John Hawkes Biography


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Birth Name: John Hawkes
Born: 09/11/1959
Birth Place: Alexandria, Minnesota, USA


Born Sept. 11, 1959 in the small rural town of Alexandria, MN, Hawkes' first love as a youth was wrestling. From the time he was three, Hawkes wrestled competitively, qualifying for the nationals at the AAU level when he was in junior high. Size, however, proved to be a factor - he remained rather small compared to his competitors when he reached high school and failed to get along with his coach. While a sophomore, he happened to see a performance of Arthur Miller's "The Crucible" at The Guthrie Theater in Minneapolis and discovered what he really wanted to do with his life. After graduating from Jefferson High School in Alexandria, he attended St. Cloud State University, but found the acting courses wanting and dropped out. He made his way to Austin, TX where he spent more time working as a waiter and carpenter than as an actor.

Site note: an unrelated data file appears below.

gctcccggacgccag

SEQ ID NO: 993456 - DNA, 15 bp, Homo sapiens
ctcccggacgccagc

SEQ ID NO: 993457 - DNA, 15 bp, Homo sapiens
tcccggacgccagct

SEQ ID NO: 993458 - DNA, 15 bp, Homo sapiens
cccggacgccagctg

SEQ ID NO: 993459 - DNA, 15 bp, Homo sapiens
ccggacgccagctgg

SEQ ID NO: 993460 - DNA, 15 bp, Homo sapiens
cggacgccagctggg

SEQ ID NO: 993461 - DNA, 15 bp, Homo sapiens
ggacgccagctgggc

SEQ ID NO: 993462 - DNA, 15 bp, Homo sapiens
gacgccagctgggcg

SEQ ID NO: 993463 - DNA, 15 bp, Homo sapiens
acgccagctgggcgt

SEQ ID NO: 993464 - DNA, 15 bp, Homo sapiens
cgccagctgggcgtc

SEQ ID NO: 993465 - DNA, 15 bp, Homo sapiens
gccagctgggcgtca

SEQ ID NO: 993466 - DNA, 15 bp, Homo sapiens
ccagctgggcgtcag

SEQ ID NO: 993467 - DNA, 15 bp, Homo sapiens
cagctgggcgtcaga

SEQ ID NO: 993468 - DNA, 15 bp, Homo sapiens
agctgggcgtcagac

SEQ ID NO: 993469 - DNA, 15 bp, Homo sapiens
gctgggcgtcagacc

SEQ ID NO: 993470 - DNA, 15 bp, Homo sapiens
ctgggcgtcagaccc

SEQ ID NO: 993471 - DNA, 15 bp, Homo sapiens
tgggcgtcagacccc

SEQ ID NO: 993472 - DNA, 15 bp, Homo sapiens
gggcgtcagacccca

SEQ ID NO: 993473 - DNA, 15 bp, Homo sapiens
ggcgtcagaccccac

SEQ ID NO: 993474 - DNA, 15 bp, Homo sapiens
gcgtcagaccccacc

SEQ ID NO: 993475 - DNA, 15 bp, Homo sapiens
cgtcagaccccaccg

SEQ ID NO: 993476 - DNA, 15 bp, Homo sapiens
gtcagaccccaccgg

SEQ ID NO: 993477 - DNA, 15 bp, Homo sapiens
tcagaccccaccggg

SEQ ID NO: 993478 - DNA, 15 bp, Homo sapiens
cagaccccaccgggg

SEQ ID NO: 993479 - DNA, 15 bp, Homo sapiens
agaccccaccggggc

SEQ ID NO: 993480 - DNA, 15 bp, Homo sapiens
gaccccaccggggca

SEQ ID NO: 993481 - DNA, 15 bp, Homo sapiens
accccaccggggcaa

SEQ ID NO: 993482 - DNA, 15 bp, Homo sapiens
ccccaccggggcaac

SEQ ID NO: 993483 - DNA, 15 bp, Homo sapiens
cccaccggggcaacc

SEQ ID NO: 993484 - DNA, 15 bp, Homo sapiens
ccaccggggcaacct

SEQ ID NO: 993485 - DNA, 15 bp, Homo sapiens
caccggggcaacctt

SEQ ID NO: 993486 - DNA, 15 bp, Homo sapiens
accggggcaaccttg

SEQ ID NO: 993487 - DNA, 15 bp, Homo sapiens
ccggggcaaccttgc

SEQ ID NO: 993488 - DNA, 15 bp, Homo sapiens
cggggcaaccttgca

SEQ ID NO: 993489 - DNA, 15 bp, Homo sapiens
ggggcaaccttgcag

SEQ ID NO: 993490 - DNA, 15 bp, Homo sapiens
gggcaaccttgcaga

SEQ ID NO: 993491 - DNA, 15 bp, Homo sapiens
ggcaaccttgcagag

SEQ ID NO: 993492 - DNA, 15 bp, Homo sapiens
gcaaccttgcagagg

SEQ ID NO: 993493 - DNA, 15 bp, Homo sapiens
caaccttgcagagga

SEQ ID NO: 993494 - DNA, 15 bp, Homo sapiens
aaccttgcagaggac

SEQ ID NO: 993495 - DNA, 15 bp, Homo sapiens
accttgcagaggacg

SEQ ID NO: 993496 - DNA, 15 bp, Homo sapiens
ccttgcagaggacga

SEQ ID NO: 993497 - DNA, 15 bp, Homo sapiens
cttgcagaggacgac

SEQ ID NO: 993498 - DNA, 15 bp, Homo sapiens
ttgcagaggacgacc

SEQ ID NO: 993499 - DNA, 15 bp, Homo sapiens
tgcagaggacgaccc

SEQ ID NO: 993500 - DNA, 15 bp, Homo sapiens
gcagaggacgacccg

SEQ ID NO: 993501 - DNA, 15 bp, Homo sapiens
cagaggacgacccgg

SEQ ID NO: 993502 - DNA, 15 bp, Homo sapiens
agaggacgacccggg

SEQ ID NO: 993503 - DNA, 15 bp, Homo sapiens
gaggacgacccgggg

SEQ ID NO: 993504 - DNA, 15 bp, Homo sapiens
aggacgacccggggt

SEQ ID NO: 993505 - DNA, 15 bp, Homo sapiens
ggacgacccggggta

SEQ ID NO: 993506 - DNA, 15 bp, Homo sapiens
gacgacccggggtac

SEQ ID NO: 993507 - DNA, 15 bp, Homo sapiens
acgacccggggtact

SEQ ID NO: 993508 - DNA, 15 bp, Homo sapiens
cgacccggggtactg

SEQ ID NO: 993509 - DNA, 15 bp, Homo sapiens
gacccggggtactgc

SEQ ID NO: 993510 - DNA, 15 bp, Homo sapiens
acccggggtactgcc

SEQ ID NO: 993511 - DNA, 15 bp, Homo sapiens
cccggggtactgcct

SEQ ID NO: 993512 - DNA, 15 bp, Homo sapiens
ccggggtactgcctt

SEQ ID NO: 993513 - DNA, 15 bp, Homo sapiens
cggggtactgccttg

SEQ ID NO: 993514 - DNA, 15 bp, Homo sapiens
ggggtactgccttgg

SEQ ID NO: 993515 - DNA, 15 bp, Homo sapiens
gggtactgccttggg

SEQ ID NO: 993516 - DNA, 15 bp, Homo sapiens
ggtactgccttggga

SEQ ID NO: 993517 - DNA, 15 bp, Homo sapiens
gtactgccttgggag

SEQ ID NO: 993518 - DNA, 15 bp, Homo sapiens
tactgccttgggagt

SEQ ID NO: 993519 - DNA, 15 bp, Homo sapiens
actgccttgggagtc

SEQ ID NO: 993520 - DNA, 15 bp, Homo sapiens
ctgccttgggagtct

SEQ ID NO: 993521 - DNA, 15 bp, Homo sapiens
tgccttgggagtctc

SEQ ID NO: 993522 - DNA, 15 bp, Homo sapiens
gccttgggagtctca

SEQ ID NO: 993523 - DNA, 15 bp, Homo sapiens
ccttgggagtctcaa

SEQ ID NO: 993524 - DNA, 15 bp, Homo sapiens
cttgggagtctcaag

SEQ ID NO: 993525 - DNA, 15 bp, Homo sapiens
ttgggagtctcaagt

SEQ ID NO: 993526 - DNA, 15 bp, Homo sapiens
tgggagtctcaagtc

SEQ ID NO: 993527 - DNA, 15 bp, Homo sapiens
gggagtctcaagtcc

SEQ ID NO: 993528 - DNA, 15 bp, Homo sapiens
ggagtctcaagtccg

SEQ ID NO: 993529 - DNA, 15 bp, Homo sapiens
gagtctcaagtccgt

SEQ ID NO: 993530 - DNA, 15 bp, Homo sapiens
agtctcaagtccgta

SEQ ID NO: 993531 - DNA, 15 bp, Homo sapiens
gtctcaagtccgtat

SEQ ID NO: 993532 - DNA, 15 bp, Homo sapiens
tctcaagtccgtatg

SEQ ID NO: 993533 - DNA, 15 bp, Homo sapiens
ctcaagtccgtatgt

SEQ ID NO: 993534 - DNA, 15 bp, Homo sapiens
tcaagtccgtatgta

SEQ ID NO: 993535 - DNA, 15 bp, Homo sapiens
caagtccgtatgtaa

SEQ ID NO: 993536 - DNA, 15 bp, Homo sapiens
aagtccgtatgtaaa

Frustrated with a lack of job opportunities, Hawkes and several of his out-of-work actor friends formed Big State Productions, a theater group that gave him the chance to write and direct as well as act. The troupe wound up being a critical success, affording the opportunity to perform a show at the Kennedy Center in Washington, D.C. Meanwhile, Hawkes began nabbing small parts in features shot in and around Austin, including "Dakota" (1988), "D.O.A." (1988) and "Rosalie Goes Shopping" (1989). Returning to theater, Hawkes and friend Brent Briscoe starred in a revival of the popular play, "Greater Tuna," at the Halsted Theatre Center in Chicago. A sketch satire written by Ed Howard, Jaston Williams and Joe Sears - who over the years performed the play numerous times across the nation - "Greater Tuna" allowed Hawkes and Briscoe to play 10 characters each in various skits and vignettes that take place on a late summer day in Texas' third smallest town.